A wealthy Sheikh in Saudi Arabia devises a terrorist strategy to attack America internally and circumvent an open military confrontation in the author’s debut novel.
In objection to U.S. presence in the Middle East as well as the country’s abuse of power, Sheikh Saud formulates a strike similar to 9/11. He believes that a singular attack creating mass destruction would have the greatest reverberation. The Sheikh enlists the help of his friend/assistant Mr. Sultan and Russian scientists to produce a prion disease easily transmitted by contaminated insects, which he hopes to unleash upon American scientific and technological facilities and military sites. Regrettably, Abdelrahman seems more invested in his novel’s concept than the narrative. This seems especially true with Sheikh Saud, who the author gives very little background. Consequently, his opposition to America has no real basis and is further trivialized by his frequent contradictions. For example, he claims “no political ambitions” when his entire scheme is predicated on a political agenda. He is critical of U.S. propaganda, while praising the TV only if it “transmit[s] peaceful and informative program[s].” The Sheikh also condemns orchestrated acts of “disinformation” while freely admitting to brainwashing and lying to Sultan to support his plan. The story feels like it’s at a standstill as the Sheikh spends more time considering scenarios and potential obstacles—none of which he ever has to face—perpetually worried of a double-cross that never happens. The author provides some complexity when the Sheikh dreams of two jinn, or spirits with influence over humans, but one offers dubious advice while the other tries to purge the man of his doubts even though there was no indication of uncertainty. Motivation, in fact, doesn’t seem to exist, for Sheikh Saud or any of the characters involved in the conspiracy. The novel works best when the Sheikh isn’t on a soapbox, and the book’s final two sentences are more profound than any preceding passage.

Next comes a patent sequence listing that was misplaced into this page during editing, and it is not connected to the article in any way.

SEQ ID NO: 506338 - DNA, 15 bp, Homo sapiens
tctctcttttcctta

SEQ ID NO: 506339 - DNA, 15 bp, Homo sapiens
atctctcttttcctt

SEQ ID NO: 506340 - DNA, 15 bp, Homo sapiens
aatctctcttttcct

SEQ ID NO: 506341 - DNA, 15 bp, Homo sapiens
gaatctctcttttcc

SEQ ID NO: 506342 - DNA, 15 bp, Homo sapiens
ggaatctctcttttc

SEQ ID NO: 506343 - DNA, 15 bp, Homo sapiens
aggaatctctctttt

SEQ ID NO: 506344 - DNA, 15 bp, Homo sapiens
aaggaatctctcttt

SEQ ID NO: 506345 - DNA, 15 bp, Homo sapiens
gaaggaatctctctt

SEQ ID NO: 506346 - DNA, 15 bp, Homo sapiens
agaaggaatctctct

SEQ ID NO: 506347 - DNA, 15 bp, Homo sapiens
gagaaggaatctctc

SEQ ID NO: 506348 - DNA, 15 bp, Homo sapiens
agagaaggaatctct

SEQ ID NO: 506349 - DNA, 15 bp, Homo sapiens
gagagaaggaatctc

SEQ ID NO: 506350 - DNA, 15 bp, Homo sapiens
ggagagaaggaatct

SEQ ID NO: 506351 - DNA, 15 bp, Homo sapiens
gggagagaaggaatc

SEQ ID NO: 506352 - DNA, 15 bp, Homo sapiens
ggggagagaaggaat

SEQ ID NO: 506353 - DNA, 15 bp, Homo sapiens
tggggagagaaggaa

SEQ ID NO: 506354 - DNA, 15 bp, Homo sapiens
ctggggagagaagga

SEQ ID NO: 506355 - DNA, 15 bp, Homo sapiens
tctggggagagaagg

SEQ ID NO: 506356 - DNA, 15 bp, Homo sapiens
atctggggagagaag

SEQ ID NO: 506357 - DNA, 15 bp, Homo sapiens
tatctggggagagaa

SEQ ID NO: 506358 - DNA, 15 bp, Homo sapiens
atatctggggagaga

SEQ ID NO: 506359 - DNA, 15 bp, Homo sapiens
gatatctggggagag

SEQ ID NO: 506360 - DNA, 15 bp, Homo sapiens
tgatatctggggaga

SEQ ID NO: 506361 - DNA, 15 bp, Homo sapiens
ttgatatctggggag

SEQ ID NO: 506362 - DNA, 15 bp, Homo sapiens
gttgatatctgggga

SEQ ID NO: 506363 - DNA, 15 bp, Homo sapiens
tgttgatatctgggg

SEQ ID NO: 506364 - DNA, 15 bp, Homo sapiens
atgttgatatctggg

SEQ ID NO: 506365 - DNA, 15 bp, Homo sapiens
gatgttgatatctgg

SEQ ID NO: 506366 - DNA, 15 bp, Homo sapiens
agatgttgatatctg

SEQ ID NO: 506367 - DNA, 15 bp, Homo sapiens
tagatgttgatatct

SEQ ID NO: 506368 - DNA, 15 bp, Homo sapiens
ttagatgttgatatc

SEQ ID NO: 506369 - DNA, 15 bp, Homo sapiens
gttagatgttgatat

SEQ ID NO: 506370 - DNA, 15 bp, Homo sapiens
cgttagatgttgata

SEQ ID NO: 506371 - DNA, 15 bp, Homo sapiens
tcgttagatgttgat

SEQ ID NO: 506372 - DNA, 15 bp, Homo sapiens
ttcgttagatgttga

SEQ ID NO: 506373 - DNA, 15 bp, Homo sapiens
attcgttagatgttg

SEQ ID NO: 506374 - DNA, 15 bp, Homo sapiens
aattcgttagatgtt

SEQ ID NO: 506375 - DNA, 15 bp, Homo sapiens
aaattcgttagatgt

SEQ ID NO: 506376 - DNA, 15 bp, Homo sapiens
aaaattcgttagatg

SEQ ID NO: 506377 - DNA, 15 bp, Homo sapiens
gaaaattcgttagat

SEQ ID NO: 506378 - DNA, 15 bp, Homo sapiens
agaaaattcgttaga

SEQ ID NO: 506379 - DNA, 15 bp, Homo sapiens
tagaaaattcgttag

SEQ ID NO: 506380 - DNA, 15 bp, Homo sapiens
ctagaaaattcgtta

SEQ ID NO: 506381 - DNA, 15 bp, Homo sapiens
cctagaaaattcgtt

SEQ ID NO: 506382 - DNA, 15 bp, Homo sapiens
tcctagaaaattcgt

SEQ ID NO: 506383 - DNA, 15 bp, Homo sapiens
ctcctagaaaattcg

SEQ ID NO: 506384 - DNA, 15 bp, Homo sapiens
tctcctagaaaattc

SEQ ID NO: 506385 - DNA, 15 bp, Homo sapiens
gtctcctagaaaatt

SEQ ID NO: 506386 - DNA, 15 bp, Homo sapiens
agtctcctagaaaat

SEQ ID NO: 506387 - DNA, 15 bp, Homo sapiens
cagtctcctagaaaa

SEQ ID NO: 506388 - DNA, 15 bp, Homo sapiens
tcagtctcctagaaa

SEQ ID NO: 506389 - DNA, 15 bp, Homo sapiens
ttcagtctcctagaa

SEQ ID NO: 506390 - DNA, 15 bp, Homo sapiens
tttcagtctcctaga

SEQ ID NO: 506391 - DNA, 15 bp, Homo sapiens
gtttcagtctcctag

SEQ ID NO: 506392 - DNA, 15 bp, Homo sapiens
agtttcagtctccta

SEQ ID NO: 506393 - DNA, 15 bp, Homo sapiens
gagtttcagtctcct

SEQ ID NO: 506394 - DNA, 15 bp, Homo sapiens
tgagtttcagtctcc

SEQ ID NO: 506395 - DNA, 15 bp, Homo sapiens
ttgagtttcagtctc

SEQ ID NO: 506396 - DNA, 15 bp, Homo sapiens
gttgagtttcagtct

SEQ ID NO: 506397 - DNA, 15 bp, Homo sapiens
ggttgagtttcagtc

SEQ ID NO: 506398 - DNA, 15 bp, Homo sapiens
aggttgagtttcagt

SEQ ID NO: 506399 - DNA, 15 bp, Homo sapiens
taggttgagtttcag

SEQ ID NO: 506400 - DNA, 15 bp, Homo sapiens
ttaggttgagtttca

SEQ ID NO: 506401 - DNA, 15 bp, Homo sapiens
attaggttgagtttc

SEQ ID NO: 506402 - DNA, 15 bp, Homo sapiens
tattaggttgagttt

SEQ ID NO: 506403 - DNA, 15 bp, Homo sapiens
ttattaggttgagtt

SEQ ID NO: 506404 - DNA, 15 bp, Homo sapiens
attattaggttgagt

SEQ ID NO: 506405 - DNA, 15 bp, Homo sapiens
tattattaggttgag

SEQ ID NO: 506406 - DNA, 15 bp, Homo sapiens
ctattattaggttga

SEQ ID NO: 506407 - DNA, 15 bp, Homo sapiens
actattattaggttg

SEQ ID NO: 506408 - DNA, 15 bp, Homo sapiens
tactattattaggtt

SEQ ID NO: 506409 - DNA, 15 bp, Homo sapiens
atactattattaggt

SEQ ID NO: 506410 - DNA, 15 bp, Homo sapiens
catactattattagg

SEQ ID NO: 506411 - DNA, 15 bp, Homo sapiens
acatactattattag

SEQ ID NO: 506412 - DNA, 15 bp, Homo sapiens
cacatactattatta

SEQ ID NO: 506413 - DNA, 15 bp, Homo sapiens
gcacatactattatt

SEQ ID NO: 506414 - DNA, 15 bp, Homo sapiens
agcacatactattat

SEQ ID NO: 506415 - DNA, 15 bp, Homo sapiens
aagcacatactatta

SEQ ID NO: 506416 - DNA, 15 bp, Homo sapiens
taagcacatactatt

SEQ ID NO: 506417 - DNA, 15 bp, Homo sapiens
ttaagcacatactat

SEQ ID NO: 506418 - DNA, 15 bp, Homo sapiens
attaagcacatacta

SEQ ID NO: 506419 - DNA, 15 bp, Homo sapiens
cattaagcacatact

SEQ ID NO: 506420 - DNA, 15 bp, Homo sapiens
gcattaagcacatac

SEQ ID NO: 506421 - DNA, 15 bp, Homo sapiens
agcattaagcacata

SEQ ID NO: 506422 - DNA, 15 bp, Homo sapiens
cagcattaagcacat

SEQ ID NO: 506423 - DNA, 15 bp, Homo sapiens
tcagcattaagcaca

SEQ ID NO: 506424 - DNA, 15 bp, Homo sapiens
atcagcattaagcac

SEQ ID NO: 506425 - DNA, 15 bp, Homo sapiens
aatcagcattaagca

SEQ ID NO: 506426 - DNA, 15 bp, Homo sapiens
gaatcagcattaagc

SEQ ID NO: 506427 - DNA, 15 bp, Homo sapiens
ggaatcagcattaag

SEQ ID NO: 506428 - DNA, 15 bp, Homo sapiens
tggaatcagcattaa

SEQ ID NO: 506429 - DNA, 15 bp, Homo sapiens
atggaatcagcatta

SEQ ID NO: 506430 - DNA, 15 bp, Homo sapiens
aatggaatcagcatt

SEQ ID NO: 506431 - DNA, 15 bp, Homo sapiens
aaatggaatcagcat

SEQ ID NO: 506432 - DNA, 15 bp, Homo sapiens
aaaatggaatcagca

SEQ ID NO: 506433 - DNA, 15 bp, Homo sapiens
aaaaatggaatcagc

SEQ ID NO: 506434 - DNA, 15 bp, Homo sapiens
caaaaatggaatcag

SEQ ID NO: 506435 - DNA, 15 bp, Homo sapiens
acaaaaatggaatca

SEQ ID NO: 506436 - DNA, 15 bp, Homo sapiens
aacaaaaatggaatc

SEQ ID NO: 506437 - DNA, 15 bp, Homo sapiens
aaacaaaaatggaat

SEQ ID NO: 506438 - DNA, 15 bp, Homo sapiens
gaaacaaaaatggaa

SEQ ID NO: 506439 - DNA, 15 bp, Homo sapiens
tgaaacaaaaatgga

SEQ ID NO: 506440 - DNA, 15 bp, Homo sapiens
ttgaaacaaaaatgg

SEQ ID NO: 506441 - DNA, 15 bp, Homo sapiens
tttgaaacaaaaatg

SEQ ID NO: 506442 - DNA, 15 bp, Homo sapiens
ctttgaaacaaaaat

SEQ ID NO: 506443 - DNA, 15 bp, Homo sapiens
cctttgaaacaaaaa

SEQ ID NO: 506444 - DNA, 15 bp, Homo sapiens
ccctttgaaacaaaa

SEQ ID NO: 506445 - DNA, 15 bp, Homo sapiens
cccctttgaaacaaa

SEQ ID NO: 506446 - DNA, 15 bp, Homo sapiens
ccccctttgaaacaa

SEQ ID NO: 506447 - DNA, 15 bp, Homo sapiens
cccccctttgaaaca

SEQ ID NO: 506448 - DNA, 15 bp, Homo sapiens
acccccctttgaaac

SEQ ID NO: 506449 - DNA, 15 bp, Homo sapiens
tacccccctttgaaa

A novel lacking in story and conflict, acting more as a sounding board for anti-American sentiments and political ideals.